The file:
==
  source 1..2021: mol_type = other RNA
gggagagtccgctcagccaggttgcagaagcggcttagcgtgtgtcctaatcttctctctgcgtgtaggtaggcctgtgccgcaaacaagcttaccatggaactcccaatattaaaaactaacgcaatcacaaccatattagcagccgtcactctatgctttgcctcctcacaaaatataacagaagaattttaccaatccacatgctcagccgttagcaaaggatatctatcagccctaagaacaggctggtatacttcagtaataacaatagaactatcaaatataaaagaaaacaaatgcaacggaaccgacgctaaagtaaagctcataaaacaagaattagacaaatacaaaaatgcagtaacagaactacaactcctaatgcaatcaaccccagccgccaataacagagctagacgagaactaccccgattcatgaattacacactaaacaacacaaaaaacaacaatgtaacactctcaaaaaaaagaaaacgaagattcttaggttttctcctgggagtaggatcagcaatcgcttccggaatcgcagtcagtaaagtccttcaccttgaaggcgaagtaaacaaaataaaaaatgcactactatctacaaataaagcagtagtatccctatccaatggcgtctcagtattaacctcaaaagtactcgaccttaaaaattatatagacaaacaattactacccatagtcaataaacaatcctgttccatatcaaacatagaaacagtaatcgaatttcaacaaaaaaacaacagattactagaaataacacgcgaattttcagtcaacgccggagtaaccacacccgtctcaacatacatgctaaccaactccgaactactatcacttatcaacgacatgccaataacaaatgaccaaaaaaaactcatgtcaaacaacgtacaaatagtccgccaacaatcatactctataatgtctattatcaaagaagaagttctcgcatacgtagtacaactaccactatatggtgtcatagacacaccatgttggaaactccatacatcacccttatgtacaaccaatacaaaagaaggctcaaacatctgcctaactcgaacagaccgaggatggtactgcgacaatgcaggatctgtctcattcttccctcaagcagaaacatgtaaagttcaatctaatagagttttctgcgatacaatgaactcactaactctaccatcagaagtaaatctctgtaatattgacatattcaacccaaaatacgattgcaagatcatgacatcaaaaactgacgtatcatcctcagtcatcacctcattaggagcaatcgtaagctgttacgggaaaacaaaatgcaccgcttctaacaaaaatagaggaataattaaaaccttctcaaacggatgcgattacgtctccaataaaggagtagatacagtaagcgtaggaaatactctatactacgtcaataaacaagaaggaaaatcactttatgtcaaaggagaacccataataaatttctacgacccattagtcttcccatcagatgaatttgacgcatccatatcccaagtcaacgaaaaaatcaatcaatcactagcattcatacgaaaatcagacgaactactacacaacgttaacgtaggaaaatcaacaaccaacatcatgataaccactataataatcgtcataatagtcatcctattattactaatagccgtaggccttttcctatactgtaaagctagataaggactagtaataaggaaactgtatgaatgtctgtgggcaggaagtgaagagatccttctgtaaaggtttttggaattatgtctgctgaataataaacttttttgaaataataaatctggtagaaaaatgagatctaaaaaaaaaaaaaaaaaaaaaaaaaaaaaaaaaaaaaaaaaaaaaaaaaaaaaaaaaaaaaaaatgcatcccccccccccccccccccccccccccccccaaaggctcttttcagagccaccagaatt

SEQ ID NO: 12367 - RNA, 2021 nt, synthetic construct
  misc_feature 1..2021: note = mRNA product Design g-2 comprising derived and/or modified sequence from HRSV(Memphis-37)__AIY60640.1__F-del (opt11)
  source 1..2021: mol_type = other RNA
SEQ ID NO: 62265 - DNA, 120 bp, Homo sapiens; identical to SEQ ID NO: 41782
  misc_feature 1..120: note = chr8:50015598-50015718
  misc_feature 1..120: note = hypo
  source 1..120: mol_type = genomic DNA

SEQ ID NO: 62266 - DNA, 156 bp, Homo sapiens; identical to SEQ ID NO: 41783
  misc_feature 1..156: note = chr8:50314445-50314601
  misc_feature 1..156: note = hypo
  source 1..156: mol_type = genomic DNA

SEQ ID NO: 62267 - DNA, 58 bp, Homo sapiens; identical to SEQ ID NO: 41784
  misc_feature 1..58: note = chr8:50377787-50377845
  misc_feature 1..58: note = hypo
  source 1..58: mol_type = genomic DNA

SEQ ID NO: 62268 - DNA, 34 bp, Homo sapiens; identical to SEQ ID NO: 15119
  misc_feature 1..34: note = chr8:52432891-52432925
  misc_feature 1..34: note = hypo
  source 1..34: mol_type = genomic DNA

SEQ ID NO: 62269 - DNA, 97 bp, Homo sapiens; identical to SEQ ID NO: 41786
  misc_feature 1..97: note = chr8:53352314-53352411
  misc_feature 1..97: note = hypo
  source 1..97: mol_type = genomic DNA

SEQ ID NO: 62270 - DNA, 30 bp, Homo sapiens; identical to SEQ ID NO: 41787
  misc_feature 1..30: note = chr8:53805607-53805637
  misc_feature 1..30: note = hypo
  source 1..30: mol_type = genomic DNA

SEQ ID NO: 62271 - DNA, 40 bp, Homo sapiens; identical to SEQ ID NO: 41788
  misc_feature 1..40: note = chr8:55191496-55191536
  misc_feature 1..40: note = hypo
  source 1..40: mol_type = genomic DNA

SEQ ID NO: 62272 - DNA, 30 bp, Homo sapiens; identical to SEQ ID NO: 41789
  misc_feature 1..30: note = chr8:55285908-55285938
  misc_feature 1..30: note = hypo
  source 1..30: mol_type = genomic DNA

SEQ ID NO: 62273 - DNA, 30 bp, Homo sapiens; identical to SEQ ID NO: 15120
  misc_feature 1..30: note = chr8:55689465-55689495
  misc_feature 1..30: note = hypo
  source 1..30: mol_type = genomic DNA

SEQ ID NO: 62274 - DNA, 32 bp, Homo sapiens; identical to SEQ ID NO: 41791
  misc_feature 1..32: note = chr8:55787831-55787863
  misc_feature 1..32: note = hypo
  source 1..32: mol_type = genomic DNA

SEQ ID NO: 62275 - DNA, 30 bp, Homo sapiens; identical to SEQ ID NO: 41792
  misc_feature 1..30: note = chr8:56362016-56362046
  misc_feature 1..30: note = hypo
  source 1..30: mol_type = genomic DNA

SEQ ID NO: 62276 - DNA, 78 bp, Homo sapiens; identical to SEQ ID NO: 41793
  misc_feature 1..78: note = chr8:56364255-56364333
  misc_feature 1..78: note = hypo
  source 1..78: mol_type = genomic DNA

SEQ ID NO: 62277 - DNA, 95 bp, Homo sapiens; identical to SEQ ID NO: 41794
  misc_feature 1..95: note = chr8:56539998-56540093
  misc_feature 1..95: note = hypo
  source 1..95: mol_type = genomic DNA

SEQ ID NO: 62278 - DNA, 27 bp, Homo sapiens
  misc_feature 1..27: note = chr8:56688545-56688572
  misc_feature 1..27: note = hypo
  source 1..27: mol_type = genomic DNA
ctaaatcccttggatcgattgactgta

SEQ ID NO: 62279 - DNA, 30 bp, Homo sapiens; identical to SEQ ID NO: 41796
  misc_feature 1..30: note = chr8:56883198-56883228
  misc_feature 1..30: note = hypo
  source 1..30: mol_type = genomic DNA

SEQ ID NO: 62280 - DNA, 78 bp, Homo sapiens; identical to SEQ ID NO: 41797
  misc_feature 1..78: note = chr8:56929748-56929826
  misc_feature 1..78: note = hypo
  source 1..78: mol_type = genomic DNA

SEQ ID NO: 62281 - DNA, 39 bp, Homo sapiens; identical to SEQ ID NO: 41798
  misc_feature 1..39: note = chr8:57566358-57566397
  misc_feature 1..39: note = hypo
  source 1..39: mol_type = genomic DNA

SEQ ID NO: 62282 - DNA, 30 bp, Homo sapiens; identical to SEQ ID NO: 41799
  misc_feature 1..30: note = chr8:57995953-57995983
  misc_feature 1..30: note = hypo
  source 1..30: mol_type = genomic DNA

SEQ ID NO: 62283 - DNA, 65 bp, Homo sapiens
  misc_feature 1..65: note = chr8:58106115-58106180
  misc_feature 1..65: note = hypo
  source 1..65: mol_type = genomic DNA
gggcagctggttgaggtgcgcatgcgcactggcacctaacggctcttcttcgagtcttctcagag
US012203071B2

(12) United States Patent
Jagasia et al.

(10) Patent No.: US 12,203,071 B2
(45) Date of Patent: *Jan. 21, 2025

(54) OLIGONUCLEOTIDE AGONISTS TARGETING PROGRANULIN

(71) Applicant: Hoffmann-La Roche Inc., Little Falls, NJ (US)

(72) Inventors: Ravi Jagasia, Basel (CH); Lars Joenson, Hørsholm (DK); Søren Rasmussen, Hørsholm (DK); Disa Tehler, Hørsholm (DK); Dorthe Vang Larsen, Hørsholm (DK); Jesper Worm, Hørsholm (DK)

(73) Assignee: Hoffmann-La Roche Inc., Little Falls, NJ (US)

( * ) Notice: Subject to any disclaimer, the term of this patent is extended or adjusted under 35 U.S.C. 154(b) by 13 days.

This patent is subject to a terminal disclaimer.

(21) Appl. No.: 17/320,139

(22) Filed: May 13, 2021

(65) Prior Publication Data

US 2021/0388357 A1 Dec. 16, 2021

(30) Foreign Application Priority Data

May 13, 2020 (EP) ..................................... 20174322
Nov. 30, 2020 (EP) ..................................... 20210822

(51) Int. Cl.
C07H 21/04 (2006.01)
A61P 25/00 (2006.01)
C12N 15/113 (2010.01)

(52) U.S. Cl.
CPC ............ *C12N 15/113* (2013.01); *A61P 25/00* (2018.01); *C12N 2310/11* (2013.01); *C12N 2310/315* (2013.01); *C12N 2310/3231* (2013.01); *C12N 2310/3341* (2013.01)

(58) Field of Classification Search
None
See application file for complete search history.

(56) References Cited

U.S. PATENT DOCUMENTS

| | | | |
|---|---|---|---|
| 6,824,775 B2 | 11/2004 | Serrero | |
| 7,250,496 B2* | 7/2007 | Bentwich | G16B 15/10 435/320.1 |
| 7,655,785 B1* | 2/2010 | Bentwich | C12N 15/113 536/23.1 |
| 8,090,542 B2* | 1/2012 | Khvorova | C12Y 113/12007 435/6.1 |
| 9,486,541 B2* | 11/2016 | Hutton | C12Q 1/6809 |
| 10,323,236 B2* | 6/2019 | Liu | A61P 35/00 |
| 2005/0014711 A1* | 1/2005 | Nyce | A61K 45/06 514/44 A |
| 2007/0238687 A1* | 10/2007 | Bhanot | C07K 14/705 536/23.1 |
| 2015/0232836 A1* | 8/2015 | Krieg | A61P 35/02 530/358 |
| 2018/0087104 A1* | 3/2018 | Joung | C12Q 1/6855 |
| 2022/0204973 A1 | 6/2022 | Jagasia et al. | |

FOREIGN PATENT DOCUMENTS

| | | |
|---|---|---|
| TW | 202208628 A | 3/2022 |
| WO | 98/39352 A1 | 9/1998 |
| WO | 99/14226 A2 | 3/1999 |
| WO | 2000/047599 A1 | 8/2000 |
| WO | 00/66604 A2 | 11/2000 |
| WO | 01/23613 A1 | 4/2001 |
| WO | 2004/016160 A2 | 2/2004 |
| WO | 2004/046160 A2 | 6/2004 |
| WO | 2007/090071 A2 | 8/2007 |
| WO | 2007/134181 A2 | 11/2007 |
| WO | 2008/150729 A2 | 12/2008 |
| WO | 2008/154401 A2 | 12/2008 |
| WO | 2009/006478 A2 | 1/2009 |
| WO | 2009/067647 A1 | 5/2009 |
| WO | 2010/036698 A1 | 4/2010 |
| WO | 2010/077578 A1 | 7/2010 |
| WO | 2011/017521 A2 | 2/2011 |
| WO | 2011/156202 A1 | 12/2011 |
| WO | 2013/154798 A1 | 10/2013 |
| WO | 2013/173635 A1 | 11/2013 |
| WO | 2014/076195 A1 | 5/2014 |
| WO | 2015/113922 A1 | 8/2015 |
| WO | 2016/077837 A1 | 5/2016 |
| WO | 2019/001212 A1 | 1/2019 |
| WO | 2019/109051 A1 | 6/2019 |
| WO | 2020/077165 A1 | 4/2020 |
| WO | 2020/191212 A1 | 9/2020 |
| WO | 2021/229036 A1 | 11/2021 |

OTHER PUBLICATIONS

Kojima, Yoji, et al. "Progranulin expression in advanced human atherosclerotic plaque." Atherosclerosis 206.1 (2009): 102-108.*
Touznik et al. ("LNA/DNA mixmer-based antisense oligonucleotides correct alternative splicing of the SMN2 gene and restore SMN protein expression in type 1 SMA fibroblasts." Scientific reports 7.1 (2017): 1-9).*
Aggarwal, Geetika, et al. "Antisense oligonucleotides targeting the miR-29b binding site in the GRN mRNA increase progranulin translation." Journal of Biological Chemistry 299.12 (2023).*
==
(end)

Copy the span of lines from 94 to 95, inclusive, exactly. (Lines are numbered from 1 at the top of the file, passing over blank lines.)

This patent is subject to a terminal disclaimer.

(21) Appl. No.: 17/320,139